Relationships in the workplace can easily be set askew by miscommunication. By limiting miscommunications, you can also limit their impact. However, limiting miscommunications can be quite tricky. Differences in cultures, traditions and personal experiences all play a role in how we send and receive communication.
Advancing a team to be even more open, respectful and engaging can feel complicated at first, but there are a few things you can do today to communicate effectively with more than just your words.
When in a conversation or meeting, set an intention for yourself to listen and understand instead of immediately responding. This can greatly improve the dialogue and ultimately the relationship. By going into a conversation ready to actively listen instead of jumping to a response, the tone of the conversation typically shifts to a much more respectful interaction.
Take the time to understand on the agendas of others. This doesn’t mean you can’t participate or share your ideas; instead it will help you to be more open to new and different perspectives.
Focus on the Speaker
We’ve all heard the old “rule” that communication is 7% words used, 38% tone of voice and 55% body language.
What is your body language telling the speaker? Are you making eye contact? Actively taking notes? Offering encouraging nods of understanding? Sharing verbal cues of active listening?
Try making eye contact, taking notes, and showing the speaker that you’re paying attention with your body language. This shows the speaker you are listening and respecting the time and thought they’ve invested.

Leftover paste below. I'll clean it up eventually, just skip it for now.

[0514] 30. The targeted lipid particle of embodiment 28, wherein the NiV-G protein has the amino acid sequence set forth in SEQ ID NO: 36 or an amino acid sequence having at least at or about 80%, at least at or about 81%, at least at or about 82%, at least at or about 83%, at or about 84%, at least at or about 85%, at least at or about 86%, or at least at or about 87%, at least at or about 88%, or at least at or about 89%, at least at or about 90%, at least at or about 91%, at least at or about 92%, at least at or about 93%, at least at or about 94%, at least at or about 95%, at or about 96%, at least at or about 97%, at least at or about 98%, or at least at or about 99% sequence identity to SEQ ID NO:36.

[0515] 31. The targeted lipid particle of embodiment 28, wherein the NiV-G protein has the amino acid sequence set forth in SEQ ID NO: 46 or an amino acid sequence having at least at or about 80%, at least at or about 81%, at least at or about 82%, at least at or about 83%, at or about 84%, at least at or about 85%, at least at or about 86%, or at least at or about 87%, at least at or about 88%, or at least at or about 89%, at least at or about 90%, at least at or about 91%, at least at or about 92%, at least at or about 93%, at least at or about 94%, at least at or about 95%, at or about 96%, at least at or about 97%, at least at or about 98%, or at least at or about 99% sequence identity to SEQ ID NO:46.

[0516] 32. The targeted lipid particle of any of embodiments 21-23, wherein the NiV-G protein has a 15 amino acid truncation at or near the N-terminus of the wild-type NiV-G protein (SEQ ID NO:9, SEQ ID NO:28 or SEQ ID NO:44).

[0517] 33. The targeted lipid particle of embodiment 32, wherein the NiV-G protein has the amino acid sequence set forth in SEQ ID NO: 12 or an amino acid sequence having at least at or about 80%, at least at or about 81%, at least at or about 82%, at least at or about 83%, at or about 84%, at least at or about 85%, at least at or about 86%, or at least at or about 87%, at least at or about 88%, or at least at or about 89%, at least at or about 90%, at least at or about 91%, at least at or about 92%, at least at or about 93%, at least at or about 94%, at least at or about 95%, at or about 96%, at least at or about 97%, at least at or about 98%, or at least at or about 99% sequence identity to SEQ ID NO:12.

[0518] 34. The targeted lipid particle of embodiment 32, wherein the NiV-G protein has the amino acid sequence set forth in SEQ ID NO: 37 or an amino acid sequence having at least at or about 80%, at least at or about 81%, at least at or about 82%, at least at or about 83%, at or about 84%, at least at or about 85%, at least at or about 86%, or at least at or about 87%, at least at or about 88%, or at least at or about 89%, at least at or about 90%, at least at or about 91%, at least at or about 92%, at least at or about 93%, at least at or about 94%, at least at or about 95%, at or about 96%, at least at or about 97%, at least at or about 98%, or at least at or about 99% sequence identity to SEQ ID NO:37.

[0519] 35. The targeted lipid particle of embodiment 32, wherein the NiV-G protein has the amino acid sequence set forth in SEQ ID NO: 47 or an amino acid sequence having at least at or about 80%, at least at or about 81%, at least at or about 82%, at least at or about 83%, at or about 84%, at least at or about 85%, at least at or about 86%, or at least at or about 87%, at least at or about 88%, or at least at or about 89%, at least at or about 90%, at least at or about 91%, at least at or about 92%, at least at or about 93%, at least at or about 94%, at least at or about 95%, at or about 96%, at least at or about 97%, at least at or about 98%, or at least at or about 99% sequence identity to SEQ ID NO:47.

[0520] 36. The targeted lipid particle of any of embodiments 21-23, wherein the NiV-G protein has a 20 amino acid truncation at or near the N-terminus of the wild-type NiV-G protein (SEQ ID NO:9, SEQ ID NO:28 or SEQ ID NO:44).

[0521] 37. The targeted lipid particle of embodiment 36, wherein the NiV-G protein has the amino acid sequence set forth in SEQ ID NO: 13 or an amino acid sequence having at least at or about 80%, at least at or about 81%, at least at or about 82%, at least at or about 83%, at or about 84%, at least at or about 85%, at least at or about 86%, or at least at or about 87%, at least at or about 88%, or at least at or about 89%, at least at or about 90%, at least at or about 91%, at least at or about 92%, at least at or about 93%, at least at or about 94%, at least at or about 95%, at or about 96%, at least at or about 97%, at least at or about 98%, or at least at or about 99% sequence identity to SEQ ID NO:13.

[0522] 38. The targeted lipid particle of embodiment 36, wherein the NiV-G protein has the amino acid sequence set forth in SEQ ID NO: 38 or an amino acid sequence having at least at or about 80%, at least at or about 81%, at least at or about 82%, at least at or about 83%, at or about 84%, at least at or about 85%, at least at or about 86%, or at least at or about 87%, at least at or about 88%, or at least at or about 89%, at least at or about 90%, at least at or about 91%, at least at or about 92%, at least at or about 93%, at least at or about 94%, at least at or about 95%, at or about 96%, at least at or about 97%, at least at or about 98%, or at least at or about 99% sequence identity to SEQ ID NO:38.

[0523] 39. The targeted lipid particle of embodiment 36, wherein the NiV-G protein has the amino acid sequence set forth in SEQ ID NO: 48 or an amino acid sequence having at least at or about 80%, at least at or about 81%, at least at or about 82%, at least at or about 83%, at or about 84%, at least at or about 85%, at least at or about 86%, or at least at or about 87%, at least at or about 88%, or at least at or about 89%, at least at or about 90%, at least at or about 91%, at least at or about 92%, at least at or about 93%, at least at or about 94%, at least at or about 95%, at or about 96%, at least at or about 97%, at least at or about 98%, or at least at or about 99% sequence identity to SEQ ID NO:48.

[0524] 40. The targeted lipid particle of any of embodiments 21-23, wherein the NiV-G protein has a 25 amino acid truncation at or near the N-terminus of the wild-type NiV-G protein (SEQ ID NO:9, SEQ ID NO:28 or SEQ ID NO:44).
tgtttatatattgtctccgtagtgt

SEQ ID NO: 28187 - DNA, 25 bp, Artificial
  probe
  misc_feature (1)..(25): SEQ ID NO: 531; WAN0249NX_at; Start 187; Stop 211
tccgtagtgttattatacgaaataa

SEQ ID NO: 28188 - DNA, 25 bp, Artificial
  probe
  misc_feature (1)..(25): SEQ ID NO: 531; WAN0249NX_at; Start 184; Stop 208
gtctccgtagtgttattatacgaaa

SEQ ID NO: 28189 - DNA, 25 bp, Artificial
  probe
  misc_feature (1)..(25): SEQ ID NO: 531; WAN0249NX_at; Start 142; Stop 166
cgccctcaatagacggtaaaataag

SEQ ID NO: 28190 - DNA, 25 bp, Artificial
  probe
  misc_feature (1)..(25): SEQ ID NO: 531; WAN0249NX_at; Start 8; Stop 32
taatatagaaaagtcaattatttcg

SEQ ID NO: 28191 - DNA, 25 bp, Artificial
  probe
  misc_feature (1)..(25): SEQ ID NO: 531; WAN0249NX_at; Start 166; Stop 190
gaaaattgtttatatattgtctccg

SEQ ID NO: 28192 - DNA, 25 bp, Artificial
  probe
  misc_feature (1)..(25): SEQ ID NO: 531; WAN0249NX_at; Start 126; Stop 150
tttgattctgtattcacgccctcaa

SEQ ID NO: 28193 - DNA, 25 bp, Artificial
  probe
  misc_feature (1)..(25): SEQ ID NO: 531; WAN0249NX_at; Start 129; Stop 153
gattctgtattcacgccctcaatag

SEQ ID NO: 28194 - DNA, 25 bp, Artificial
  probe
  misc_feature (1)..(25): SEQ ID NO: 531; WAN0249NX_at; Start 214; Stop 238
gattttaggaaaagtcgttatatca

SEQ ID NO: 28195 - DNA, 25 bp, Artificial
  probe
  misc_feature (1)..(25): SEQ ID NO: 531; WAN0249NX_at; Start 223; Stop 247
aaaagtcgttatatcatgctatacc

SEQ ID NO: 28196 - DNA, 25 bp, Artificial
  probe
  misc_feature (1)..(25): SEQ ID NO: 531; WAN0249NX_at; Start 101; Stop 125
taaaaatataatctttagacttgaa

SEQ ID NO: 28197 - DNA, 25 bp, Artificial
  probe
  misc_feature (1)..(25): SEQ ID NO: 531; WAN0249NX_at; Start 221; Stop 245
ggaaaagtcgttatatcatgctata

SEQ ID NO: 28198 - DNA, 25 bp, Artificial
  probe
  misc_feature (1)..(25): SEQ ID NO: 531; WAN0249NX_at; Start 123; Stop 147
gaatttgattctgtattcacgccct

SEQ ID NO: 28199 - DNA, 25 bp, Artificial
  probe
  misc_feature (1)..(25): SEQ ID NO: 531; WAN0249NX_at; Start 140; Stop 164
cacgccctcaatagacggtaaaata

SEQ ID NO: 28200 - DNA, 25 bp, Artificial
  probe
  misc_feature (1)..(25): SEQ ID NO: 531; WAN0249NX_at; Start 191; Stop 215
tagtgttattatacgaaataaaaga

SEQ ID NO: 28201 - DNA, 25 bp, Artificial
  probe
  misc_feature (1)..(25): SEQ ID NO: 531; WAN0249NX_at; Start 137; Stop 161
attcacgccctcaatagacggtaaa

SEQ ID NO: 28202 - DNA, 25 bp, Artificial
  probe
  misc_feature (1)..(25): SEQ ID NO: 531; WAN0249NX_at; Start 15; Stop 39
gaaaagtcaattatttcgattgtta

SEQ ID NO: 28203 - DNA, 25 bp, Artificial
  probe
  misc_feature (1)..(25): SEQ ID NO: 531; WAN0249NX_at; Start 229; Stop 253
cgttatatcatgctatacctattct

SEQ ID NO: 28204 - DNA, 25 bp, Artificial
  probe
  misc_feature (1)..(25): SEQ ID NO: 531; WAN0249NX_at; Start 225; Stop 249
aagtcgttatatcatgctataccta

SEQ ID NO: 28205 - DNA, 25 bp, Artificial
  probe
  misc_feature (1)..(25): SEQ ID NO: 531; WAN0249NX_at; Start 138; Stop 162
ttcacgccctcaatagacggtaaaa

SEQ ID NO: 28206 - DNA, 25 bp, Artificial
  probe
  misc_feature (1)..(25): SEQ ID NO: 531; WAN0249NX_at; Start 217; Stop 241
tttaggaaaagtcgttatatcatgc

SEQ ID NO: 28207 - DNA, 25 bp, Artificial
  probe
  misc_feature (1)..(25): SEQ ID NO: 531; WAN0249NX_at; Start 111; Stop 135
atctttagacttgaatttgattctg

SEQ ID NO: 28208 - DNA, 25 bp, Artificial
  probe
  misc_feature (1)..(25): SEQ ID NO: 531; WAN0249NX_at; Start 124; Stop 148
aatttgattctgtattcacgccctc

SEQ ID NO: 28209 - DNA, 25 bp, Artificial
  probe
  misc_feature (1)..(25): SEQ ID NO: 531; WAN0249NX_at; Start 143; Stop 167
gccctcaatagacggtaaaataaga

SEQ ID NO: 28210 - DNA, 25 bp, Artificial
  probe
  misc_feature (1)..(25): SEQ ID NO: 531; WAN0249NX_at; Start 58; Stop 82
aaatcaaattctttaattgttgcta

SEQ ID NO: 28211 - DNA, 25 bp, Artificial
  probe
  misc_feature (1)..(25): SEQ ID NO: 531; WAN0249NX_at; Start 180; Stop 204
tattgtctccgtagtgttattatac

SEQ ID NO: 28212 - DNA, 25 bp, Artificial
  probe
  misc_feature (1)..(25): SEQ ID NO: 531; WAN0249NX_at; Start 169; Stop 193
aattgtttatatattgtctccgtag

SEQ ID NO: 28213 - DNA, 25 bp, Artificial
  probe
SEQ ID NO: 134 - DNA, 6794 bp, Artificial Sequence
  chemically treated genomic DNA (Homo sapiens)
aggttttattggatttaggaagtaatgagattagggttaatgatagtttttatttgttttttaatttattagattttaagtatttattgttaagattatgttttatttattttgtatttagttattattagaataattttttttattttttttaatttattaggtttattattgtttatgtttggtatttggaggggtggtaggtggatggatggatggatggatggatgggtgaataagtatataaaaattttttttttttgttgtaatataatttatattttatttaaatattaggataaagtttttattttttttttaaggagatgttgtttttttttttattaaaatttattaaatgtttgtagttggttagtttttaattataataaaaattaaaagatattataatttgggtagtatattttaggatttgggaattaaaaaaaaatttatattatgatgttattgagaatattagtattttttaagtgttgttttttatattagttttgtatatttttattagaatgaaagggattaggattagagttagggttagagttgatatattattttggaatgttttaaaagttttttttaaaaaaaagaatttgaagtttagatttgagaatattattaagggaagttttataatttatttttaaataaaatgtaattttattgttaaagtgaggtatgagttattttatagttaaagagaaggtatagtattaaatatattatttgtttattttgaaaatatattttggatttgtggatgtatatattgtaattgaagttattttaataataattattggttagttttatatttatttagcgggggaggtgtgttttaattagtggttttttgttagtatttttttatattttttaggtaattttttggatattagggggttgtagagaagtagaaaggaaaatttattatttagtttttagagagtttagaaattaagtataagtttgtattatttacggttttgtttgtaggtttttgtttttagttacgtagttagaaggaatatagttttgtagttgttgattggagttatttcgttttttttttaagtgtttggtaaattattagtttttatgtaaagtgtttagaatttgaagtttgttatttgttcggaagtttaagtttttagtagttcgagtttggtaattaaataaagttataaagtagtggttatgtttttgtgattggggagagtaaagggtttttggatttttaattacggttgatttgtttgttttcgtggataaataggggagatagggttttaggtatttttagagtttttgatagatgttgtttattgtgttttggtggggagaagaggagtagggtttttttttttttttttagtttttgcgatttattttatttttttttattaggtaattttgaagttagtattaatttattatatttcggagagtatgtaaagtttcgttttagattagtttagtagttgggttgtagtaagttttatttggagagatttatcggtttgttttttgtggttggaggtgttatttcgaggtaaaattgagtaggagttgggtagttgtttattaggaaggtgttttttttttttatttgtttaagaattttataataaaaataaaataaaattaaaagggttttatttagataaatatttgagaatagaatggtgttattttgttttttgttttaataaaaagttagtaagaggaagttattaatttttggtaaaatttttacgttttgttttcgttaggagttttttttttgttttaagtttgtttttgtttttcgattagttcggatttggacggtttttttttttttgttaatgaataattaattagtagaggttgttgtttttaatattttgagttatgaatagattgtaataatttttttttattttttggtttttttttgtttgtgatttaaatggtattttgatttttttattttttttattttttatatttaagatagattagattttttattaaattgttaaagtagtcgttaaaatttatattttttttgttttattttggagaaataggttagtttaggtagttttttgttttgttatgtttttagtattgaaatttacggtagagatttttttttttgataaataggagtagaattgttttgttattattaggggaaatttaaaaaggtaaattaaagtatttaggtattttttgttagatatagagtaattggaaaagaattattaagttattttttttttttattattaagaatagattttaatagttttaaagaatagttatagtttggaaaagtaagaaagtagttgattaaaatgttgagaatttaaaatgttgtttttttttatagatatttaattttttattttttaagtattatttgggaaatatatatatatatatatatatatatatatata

It may seem obvious, but letting people finish their thought(s) allows them to express themselves more fully. It also limits the risk of others feeling ignored or unappreciated.
When you take your time before responding, it also gives you the opportunity to fully process what’s been said and be more thoughtful in your response.
Once you’ve heard the speaker, rephrasing the points to the speaker helps ensure your understanding and confirms to the speaker that you value their insights and perspective enough to pay attention. Phrases like “I really connected when you said…” can help begin the conversation.
Asking questions is another valuable tool to extend the conversation and allow the opportunity for others to contribute their insights.
Once you’ve set your intentions, focused, stopped talking and engaged the speaker, effective communication can increase your team’s trust, respect and understanding of each other.
Effectively communicating doesn’t always involve words. Remembering to put your mobile device down during a discussion and shifting your focus to the conversation are simple things you can do to show your team that you value their insights.
To become a more successful team, strengthen your communication.
If you or your team could use some help advancing communication styles, ECC can help. Give us a call at +1.847.920.0190.